CENPE promotes glioblastomas proliferation by directly binding to WEE1
Original Article

CENPE promotes glioblastomas proliferation by directly binding to WEE1

Chuanling Ma, Jianchao Wang, Jie Zhou, Kaisen Liao, Min Yang, Fangqiong Li, Meng Zhang

Department of Clinical Laboratory, Tongde Hospital of Zhejiang Province, Hangzhou 310012, China

Contributions: (I) Conception and design: Meng Zhang; (II) Administrative support: Meng Zhang; (III) Provision of study materials or patients: C Ma, J Wang, K Liao, M Yang; (IV) Collection and assembly of data: C Ma, F Li; (V) Data analysis and interpretation: C Ma, J Zhou, M Zhang; (VI) Manuscript writing: All authors; (VII) Final approval of manuscript: All authors.

Correspondence to: Meng Zhang. Department of Clinical Laboratory, Tongde Hospital of Zhejiang Province, Hangzhou 310012, China. Email: zh3028@163.com.

Background: Glioblastoma (GBM) is one of the most lethal tumors. Even though radiotherapy and chemotherapy have been greatly developed, the survival of patients with GBM is still only about 16 months.

Methods: In this assay, centromere protein E (CENPE) expression levels were measured using quantitative real-time polymerase chain reaction (qRT-PCR) and Western blot (WB) assays. 5-ethynyl-2’-deoxyuridine (EDU) assay was used to assess the effect of CENPE on cell proliferation. The propidium iodide (PI) method was used to detect the cell cycle.

Results: CENPE expression was increased in GBM tissues and was associated with clinical stage and unfavorable overall survival in glioma patients. Inhibition of CENPE expression resulted in proliferation inhibition of U251 and U87 cell. Cell cycle assay showed that CENPE mainly regulates the G0–G1 and G2/M phase transitions. Then, we found that CENPE regulated the proliferation of GBM mainly through WEE1 G2 checkpoint kinase (WEE1) pathway and can bind to WEE1.

Conclusions: CENPE promotes GBM proliferation through WEE1 pathway and binding to WEE1.

Keywords: Centromere protein E (CENPE); glioblastoma (GBM); proliferation; WEE1 G2 checkpoint kinase (WEE1)


Submitted Aug 08, 2019. Accepted for publication Nov 11, 2019.

doi: 10.21037/tcr.2019.11.40


Introduction

Use the GLOBOCAN 2018 estimates of cancer incidence and mortality produced by the International Agency for Research on Cancer, there are 296,851 new cancer cases and 241,037 million cancer deaths in brain, nervous system in 2018 (1). Glioblastoma (also known as GBM) is a malignant grade IV tumor in which most tumor cells multiply and divide at any given time. GBM is usually classified as an isocitrate dehydrogenase (IDH)-wild type (WT) or IDH-mutant. IDH-WT GBM accounts for the majority, is more aggressive, and has a worse prognosis. With standard treatment, the median survival of adult GBM (IDH-WT) is approximately 11–15 months (2,3). Therefore, further understanding of the proliferation mechanism of glioma, especially GBM, can play an important role in the control and treatment of GBM.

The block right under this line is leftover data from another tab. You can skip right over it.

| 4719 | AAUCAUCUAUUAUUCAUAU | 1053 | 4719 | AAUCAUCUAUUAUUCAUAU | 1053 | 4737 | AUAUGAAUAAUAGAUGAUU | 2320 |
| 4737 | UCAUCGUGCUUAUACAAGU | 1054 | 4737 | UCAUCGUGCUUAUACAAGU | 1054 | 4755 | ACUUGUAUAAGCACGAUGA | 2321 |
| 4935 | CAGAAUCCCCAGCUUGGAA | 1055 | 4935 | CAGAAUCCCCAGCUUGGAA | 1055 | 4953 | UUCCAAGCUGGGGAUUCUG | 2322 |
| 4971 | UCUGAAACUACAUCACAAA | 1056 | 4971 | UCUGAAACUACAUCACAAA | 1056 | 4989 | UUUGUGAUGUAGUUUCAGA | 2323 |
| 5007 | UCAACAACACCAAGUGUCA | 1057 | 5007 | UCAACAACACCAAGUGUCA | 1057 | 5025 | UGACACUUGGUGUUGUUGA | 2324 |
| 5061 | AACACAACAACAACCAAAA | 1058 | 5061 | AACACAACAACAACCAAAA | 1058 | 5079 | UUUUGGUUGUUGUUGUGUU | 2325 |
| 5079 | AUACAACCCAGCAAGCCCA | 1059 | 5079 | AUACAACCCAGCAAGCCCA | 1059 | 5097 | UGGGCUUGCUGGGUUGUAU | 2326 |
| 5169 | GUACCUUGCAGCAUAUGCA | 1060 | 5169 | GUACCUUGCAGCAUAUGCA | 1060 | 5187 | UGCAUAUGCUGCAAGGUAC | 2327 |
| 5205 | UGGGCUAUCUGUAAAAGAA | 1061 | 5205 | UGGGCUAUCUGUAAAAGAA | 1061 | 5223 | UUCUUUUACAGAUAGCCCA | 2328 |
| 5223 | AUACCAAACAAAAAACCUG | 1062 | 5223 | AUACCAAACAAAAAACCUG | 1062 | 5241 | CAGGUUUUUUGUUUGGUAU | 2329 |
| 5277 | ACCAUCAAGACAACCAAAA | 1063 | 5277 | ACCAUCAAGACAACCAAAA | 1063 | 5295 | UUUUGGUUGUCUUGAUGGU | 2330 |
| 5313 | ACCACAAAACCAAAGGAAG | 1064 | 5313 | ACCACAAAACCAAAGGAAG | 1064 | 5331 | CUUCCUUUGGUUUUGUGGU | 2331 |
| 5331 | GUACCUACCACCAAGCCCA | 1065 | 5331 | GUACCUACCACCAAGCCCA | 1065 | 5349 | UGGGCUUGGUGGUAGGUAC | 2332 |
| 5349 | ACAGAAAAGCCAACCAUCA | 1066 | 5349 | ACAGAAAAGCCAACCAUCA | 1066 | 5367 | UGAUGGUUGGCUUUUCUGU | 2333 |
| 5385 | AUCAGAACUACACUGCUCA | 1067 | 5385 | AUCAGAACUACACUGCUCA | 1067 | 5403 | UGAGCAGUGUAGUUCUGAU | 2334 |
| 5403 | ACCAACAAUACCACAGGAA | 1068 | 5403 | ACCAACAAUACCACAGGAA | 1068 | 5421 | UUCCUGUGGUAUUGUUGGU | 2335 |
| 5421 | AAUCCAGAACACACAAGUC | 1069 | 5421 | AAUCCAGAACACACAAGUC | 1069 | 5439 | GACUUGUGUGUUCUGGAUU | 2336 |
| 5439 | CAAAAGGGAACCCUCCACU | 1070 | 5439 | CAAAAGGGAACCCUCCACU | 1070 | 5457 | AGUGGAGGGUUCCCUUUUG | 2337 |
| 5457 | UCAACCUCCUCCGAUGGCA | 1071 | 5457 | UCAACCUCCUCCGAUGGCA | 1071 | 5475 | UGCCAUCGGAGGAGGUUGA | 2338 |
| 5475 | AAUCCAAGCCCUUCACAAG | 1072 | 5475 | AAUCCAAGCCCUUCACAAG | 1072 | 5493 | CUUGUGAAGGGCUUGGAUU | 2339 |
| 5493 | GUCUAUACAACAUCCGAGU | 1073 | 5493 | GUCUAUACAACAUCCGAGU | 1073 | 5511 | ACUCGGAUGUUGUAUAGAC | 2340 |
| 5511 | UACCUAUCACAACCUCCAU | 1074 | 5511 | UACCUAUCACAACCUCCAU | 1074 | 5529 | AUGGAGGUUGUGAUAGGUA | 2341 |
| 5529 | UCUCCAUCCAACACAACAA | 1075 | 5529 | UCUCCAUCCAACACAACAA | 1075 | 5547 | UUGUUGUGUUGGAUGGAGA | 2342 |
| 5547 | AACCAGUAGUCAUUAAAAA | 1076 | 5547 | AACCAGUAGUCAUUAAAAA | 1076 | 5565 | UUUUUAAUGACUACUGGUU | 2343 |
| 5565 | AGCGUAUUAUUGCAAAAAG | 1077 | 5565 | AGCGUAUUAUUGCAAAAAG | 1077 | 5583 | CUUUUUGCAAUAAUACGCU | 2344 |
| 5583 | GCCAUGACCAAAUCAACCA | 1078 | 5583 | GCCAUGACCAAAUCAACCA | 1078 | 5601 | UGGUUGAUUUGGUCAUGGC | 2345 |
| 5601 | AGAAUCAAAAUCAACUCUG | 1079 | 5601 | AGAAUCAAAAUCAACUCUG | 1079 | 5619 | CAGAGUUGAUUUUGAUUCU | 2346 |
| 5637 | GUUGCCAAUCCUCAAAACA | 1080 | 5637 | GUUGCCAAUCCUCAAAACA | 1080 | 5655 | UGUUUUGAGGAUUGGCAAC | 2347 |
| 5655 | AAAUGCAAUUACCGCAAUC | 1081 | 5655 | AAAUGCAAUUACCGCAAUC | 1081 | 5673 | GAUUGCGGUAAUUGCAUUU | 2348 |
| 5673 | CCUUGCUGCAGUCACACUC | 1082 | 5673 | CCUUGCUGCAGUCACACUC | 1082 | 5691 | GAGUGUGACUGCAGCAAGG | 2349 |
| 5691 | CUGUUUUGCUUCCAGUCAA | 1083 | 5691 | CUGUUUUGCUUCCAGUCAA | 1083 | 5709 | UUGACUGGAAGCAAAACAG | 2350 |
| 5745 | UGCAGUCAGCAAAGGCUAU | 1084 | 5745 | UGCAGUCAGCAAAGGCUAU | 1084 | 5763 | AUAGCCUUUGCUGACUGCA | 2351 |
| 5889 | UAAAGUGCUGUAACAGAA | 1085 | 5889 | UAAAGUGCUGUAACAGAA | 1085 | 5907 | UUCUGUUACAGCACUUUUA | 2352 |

Cell proliferation is achieved by mitosis. The most important process of mitosis is the cell cycle. The separation of chromosomes is closely related to the correct assembly of microtubules. In addition, microtubules play an important role in maintaining cell shape, cell movement and intracellular organelles movement. Centromere protein E (CENPE) is one of human kinetochore proteins of 312 kDa (4). Studies have shown that knockdown of CENPE or knockdown of xeroderma pigmentosum group A (XPA)-binding protein 2 (XAB2) can inhibit cell proliferation, and CENPE is directly regulated by XAB2 (5). In addition, the expression of CENPE is closely related to the proliferative capacity of tumors. In incurable castration-resistant prostate cancer (CRPC), knockout or pharmacological inhibition of CENPE significantly inhibits tumor growth (6). In gastric cancer cells, when treated with mycophenolic acid (MPA), the expression of CENPE was significantly inhibited, and cell proliferation was inhibited (7). In human neuroblastoma cell lines, knockdown of CENPE results in inhibition of cell proliferation in vitro and in vivo (8).